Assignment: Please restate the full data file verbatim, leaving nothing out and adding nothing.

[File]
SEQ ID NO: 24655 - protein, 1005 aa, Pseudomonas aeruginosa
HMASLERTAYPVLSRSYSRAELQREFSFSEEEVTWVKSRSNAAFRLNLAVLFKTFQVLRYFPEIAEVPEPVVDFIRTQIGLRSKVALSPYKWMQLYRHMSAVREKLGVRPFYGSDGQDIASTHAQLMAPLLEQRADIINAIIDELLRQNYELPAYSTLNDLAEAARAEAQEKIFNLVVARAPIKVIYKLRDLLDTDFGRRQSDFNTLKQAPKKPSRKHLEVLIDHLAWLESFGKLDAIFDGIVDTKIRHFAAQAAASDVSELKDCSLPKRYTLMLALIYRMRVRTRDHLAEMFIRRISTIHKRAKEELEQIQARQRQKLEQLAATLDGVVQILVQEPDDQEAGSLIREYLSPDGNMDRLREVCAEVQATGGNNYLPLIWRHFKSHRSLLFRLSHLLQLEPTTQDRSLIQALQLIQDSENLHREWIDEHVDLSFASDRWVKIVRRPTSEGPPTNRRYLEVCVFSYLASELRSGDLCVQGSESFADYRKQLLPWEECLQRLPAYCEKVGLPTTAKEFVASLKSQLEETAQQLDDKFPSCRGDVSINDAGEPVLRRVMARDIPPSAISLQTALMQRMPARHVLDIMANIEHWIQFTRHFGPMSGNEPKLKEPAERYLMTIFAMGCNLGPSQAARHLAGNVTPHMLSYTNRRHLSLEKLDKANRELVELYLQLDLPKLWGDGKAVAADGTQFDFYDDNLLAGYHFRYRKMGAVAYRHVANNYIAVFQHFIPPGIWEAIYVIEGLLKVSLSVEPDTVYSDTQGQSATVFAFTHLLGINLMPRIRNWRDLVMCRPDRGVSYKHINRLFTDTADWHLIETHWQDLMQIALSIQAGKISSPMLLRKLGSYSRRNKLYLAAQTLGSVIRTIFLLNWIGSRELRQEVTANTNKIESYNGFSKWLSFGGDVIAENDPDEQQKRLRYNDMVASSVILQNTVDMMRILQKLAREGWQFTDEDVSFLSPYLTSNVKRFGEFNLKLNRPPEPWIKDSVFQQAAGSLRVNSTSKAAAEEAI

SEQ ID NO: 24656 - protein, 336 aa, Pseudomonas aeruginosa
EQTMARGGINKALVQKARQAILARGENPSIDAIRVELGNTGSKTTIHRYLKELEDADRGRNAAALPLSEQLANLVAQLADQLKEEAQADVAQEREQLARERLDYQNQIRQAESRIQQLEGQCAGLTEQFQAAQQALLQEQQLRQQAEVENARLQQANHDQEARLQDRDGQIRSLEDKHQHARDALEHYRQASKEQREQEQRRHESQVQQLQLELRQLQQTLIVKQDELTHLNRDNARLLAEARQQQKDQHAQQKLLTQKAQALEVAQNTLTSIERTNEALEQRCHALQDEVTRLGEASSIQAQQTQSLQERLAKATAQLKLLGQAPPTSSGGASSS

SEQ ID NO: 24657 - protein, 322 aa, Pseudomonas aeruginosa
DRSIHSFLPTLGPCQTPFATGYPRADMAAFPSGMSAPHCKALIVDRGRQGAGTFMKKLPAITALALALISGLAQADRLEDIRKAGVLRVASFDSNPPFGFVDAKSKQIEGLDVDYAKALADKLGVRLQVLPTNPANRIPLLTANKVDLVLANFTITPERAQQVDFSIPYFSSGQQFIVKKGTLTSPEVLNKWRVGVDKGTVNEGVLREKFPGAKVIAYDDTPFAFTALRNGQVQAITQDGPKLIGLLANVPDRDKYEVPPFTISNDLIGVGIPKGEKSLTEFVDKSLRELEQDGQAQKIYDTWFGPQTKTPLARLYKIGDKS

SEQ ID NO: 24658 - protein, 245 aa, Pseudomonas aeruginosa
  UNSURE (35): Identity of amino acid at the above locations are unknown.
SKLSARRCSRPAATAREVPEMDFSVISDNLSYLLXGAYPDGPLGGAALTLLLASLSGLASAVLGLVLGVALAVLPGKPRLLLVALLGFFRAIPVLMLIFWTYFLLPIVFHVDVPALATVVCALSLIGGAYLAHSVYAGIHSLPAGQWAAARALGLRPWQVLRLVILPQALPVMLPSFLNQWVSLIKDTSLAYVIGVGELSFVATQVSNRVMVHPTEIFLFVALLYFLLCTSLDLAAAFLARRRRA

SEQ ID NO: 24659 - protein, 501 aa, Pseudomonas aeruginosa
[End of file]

SEQ ID NO: 24655 - protein, 1005 aa, Pseudomonas aeruginosa
HMASLERTAYPVLSRSYSRAELQREFSFSEEEVTWVKSRSNAAFRLNLAVLFKTFQVLRYFPEIAEVPEPVVDFIRTQIGLRSKVALSPYKWMQLYRHMSAVREKLGVRPFYGSDGQDIASTHAQLMAPLLEQRADIINAIIDELLRQNYELPAYSTLNDLAEAARAEAQEKIFNLVVARAPIKVIYKLRDLLDTDFGRRQSDFNTLKQAPKKPSRKHLEVLIDHLAWLESFGKLDAIFDGIVDTKIRHFAAQAAASDVSELKDCSLPKRYTLMLALIYRMRVRTRDHLAEMFIRRISTIHKRAKEELEQIQARQRQKLEQLAATLDGVVQILVQEPDDQEAGSLIREYLSPDGNMDRLREVCAEVQATGGNNYLPLIWRHFKSHRSLLFRLSHLLQLEPTTQDRSLIQALQLIQDSENLHREWIDEHVDLSFASDRWVKIVRRPTSEGPPTNRRYLEVCVFSYLASELRSGDLCVQGSESFADYRKQLLPWEECLQRLPAYCEKVGLPTTAKEFVASLKSQLEETAQQLDDKFPSCRGDVSINDAGEPVLRRVMARDIPPSAISLQTALMQRMPARHVLDIMANIEHWIQFTRHFGPMSGNEPKLKEPAERYLMTIFAMGCNLGPSQAARHLAGNVTPHMLSYTNRRHLSLEKLDKANRELVELYLQLDLPKLWGDGKAVAADGTQFDFYDDNLLAGYHFRYRKMGAVAYRHVANNYIAVFQHFIPPGIWEAIYVIEGLLKVSLSVEPDTVYSDTQGQSATVFAFTHLLGINLMPRIRNWRDLVMCRPDRGVSYKHINRLFTDTADWHLIETHWQDLMQIALSIQAGKISSPMLLRKLGSYSRRNKLYLAAQTLGSVIRTIFLLNWIGSRELRQEVTANTNKIESYNGFSKWLSFGGDVIAENDPDEQQKRLRYNDMVASSVILQNTVDMMRILQKLAREGWQFTDEDVSFLSPYLTSNVKRFGEFNLKLNRPPEPWIKDSVFQQAAGSLRVNSTSKAAAEEAI

SEQ ID NO: 24656 - protein, 336 aa, Pseudomonas aeruginosa
EQTMARGGINKALVQKARQAILARGENPSIDAIRVELGNTGSKTTIHRYLKELEDADRGRNAAALPLSEQLANLVAQLADQLKEEAQADVAQEREQLARERLDYQNQIRQAESRIQQLEGQCAGLTEQFQAAQQALLQEQQLRQQAEVENARLQQANHDQEARLQDRDGQIRSLEDKHQHARDALEHYRQASKEQREQEQRRHESQVQQLQLELRQLQQTLIVKQDELTHLNRDNARLLAEARQQQKDQHAQQKLLTQKAQALEVAQNTLTSIERTNEALEQRCHALQDEVTRLGEASSIQAQQTQSLQERLAKATAQLKLLGQAPPTSSGGASSS

SEQ ID NO: 24657 - protein, 322 aa, Pseudomonas aeruginosa
DRSIHSFLPTLGPCQTPFATGYPRADMAAFPSGMSAPHCKALIVDRGRQGAGTFMKKLPAITALALALISGLAQADRLEDIRKAGVLRVASFDSNPPFGFVDAKSKQIEGLDVDYAKALADKLGVRLQVLPTNPANRIPLLTANKVDLVLANFTITPERAQQVDFSIPYFSSGQQFIVKKGTLTSPEVLNKWRVGVDKGTVNEGVLREKFPGAKVIAYDDTPFAFTALRNGQVQAITQDGPKLIGLLANVPDRDKYEVPPFTISNDLIGVGIPKGEKSLTEFVDKSLRELEQDGQAQKIYDTWFGPQTKTPLARLYKIGDKS

SEQ ID NO: 24658 - protein, 245 aa, Pseudomonas aeruginosa
  UNSURE (35): Identity of amino acid at the above locations are unknown.
SKLSARRCSRPAATAREVPEMDFSVISDNLSYLLXGAYPDGPLGGAALTLLLASLSGLASAVLGLVLGVALAVLPGKPRLLLVALLGFFRAIPVLMLIFWTYFLLPIVFHVDVPALATVVCALSLIGGAYLAHSVYAGIHSLPAGQWAAARALGLRPWQVLRLVILPQALPVMLPSFLNQWVSLIKDTSLAYVIGVGELSFVATQVSNRVMVHPTEIFLFVALLYFLLCTSLDLAAAFLARRRRA

SEQ ID NO: 24659 - protein, 501 aa, Pseudomonas aeruginosa